Who has the time to write?

When your mother is asking why you haven’t blogged in a while and that seemingly you should be pulling material out of your butt-cheeks, you know you have to hunker down and make the effort whether or not you have anything sensible to say. Mom, it’s all about the time.

 It’s not easy coming up with a storyline between the harried days at the office and projects laying themselves down on top of more projects, regardless of capacity – sometimes I think that a new paradigm is upon us: whenever some says to you that change is constant, or that you work in a dynamic environment, what they really mean is that the resources available to support you are not there, so suck it up; it’s more with less – and if you are watching the clock, God help you in this day and age. There is far too much pressure to perform, something I have come to accept in middle-age.

Back to the story line; the honest truth is that I’m not so reflective with my day in order to carry a clutch of issues or ideas around with me to write about. Who has the time, after all? I am lucky enough to wake up but that’s about it.  The rest is trying to keep up, or ahead, of the curve.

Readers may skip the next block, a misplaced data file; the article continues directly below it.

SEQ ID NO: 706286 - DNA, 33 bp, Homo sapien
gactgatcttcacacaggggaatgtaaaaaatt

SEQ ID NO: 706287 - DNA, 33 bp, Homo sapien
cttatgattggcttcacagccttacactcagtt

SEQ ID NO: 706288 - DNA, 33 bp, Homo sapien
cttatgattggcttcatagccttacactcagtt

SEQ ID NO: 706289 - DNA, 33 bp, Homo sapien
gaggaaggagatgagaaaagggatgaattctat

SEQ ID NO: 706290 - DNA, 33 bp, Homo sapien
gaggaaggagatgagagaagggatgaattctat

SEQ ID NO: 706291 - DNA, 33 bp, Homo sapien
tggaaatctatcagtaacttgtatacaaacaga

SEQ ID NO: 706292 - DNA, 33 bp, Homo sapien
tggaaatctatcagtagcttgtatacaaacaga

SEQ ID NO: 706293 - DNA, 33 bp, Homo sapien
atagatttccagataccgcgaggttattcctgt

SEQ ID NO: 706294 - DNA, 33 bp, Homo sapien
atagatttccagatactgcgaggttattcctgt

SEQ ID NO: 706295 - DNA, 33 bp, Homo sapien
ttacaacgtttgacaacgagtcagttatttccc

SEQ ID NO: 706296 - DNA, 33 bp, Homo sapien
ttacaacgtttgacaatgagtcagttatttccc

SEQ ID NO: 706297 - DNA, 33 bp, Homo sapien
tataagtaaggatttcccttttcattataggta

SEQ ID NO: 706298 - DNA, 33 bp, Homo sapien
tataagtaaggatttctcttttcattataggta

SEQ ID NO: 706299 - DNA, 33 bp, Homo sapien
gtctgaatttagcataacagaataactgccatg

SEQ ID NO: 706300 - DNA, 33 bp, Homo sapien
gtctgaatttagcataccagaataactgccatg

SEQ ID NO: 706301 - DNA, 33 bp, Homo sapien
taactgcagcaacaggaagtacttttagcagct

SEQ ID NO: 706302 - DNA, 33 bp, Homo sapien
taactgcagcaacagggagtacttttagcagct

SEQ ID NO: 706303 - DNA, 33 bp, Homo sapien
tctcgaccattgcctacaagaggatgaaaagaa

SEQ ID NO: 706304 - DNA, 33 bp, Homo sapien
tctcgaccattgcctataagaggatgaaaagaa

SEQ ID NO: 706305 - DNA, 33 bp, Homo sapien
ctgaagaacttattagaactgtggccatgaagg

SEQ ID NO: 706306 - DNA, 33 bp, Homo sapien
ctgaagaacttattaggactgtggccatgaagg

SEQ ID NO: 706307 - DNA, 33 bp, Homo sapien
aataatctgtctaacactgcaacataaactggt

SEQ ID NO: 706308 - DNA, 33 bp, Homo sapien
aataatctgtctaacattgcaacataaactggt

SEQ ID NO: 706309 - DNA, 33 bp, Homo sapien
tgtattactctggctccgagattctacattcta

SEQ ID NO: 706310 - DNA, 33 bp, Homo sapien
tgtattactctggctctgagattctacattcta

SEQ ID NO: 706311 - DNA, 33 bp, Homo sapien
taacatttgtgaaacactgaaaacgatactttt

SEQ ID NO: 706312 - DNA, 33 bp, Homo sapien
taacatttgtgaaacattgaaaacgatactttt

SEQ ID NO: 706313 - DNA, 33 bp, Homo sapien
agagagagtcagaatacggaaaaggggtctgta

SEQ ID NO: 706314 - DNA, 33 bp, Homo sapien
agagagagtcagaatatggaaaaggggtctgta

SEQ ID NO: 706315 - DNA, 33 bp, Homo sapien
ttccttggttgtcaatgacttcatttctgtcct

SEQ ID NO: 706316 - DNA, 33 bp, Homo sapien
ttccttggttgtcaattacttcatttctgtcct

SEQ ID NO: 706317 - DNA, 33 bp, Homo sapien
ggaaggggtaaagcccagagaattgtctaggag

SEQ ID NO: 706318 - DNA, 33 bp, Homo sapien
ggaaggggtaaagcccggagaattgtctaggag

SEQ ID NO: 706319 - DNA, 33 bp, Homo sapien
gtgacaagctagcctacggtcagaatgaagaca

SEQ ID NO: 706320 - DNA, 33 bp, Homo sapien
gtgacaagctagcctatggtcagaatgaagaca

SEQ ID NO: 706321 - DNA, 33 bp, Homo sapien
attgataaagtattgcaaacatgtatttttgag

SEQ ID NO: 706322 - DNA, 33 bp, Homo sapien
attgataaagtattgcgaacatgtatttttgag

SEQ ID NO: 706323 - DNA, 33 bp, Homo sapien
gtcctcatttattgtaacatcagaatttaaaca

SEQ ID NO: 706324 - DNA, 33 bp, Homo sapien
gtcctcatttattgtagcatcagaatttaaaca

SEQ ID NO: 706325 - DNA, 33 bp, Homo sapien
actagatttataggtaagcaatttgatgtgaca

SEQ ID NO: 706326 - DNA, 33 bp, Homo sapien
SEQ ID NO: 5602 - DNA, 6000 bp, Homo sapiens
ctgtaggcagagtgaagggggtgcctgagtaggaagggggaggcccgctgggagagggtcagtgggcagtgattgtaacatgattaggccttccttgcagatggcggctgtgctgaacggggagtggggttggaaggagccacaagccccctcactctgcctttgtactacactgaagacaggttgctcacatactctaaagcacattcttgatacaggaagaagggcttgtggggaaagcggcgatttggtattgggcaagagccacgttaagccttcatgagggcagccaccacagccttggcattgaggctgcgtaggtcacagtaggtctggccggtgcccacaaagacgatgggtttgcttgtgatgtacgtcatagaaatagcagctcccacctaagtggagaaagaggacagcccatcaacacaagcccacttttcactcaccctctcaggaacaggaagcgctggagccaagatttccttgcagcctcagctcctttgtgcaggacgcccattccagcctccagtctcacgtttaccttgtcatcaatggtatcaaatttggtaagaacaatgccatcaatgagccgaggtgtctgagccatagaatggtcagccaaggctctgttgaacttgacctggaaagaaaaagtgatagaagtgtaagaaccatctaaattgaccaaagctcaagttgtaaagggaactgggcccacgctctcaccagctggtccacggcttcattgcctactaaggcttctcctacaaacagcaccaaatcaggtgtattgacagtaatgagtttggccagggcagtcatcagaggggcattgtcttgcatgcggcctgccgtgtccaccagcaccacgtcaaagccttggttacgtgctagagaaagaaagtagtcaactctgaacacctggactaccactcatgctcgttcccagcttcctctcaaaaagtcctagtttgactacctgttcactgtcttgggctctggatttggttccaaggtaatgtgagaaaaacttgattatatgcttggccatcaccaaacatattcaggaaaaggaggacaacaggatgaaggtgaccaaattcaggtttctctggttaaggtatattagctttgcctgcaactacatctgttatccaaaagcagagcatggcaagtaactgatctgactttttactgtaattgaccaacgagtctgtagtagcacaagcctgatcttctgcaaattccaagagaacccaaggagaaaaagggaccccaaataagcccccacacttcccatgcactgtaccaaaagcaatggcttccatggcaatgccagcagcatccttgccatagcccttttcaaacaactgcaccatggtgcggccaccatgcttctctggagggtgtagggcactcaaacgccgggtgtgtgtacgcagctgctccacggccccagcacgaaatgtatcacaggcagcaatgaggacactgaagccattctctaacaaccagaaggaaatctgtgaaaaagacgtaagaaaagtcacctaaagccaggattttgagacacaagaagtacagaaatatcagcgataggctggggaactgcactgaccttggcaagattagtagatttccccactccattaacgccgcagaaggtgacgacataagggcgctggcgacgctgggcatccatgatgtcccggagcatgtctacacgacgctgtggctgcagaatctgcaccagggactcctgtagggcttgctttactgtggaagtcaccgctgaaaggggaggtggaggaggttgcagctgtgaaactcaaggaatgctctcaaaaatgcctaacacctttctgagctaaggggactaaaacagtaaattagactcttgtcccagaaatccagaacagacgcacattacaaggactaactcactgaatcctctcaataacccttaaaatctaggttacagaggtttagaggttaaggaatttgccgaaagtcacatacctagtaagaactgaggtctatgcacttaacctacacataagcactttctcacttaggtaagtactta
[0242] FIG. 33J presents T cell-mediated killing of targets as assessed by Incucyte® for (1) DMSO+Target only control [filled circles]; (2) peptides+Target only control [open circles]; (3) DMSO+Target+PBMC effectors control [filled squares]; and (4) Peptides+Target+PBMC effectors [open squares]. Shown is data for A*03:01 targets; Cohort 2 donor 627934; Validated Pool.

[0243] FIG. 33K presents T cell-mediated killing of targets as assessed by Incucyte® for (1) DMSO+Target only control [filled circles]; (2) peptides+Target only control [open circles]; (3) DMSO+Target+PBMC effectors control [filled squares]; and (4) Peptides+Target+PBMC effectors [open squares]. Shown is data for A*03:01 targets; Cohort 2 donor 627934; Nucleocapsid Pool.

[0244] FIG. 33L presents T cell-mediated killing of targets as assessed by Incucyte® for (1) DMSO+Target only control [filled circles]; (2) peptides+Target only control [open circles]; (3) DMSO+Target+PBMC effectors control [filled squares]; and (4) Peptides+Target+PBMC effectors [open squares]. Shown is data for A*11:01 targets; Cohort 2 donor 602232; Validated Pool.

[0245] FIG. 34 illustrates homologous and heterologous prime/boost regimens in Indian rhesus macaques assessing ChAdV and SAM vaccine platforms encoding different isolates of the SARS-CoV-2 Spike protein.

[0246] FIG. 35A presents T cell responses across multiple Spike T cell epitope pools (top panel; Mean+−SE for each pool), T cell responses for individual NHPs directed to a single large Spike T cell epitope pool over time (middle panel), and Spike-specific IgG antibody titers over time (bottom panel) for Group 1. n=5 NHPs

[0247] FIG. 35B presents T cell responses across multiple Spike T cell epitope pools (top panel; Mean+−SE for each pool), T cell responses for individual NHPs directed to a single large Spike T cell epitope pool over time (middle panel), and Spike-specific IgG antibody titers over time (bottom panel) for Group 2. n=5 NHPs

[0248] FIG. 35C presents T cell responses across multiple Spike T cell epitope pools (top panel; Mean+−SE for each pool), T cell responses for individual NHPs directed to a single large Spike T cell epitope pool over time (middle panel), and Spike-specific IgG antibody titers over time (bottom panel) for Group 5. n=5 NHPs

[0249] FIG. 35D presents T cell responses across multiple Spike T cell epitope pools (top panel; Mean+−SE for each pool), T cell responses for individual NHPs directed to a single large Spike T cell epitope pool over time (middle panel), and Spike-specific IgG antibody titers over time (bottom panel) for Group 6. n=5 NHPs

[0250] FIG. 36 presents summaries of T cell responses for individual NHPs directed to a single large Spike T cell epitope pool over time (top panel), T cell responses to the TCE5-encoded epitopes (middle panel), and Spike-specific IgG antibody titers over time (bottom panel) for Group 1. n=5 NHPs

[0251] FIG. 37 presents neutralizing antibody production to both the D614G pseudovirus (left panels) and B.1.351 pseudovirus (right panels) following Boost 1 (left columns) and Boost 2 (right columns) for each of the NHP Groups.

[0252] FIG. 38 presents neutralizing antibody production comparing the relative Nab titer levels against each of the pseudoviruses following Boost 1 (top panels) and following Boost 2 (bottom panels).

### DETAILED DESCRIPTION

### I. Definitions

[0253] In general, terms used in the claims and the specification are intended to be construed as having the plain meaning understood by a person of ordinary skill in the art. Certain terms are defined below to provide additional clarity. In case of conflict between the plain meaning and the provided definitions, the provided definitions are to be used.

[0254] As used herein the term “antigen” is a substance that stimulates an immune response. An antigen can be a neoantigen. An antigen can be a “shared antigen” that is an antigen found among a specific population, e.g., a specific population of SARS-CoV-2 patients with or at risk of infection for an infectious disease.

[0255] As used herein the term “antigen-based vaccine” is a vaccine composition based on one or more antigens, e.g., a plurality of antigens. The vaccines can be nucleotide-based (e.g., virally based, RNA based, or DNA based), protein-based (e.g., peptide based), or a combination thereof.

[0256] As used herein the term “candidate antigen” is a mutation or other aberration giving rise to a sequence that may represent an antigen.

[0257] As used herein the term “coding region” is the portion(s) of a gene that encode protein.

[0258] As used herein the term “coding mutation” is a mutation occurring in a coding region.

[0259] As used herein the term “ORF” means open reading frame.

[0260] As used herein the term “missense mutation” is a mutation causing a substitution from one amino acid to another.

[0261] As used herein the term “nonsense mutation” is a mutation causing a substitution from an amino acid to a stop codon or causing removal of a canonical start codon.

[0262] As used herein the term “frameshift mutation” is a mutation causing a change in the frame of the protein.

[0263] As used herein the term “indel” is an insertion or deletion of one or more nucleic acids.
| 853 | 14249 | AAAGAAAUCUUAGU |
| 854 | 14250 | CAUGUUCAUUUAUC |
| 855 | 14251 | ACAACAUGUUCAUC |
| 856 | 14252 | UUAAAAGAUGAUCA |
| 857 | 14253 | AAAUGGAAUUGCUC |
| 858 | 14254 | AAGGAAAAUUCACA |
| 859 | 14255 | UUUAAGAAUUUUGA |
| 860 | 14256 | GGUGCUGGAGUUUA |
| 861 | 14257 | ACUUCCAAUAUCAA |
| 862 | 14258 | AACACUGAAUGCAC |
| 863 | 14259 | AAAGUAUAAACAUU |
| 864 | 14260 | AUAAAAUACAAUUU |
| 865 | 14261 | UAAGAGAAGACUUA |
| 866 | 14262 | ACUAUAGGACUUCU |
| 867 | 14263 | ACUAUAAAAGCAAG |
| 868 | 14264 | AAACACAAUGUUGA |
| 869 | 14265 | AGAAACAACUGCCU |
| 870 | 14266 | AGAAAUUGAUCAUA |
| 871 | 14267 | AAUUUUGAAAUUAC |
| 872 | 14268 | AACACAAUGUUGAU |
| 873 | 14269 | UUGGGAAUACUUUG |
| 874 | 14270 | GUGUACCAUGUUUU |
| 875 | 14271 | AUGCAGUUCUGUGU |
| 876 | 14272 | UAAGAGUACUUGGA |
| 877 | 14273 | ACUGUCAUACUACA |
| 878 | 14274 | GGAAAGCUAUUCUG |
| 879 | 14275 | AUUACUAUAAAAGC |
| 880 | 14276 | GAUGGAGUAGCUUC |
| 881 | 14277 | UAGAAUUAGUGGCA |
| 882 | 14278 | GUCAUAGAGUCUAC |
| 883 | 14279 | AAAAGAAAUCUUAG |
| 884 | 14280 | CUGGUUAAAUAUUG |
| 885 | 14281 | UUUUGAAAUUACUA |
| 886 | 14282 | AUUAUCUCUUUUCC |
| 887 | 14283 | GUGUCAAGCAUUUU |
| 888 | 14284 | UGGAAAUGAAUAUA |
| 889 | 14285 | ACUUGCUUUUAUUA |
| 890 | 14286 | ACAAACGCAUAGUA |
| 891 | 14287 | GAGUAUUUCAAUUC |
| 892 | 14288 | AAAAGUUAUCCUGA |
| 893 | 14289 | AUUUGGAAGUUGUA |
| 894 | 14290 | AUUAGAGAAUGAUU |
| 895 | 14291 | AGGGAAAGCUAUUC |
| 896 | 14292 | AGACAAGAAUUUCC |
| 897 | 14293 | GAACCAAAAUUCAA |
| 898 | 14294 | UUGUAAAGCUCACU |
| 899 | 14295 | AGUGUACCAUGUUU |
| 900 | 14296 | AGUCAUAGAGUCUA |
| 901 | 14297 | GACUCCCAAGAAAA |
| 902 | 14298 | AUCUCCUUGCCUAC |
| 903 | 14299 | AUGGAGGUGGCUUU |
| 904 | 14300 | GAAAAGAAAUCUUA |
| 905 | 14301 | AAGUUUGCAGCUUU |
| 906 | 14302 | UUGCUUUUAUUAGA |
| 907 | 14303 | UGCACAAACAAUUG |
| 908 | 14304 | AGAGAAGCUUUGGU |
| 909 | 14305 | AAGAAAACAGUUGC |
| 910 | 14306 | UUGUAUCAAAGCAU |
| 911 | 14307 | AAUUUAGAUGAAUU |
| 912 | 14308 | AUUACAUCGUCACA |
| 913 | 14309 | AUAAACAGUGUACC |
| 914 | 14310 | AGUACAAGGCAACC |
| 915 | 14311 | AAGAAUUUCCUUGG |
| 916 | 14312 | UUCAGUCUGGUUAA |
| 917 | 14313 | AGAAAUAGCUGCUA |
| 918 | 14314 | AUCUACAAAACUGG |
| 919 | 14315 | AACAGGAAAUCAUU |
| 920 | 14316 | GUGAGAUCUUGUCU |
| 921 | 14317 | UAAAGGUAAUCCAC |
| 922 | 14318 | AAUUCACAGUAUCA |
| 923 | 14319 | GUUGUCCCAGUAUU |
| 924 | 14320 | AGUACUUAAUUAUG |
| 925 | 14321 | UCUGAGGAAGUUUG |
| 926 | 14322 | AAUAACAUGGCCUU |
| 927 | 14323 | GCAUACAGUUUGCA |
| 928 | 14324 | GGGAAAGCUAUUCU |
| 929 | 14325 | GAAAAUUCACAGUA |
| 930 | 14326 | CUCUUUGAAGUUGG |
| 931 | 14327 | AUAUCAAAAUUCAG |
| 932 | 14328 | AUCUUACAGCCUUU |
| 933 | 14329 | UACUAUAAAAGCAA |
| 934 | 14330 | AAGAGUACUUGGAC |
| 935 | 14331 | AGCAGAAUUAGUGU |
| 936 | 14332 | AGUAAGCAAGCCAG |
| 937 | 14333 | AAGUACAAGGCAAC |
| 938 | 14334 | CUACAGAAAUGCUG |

Barry Levinson’s 1987 film Tin Men starring Richard Dryfuss and Danny Devito rattles through my head every now and then in parody of a comedy of what my life has become. I didn’t know it then. There are a number of similar revealing films, through which I should have seen the writing on the wall, with David Mamet’s 1992 depiction of Glengarry Glen Ross – starring Alec Baldwin, Jack Lemmon, Ed Harris and Alan Arkin – being high on the list as well.

I’s these stories of keeping up through life changes that I can’t bare to watch nowadays. A friend mentioned a few weeks ago that she wants to take time of in a year or so to write a novel. Good on you! I encourage everyone to plan ahead. I think I have enough food in the fridge for a couple of days and I forgot to water Lynda’s plants while she was away recently; sorry Lynda, some will grow back.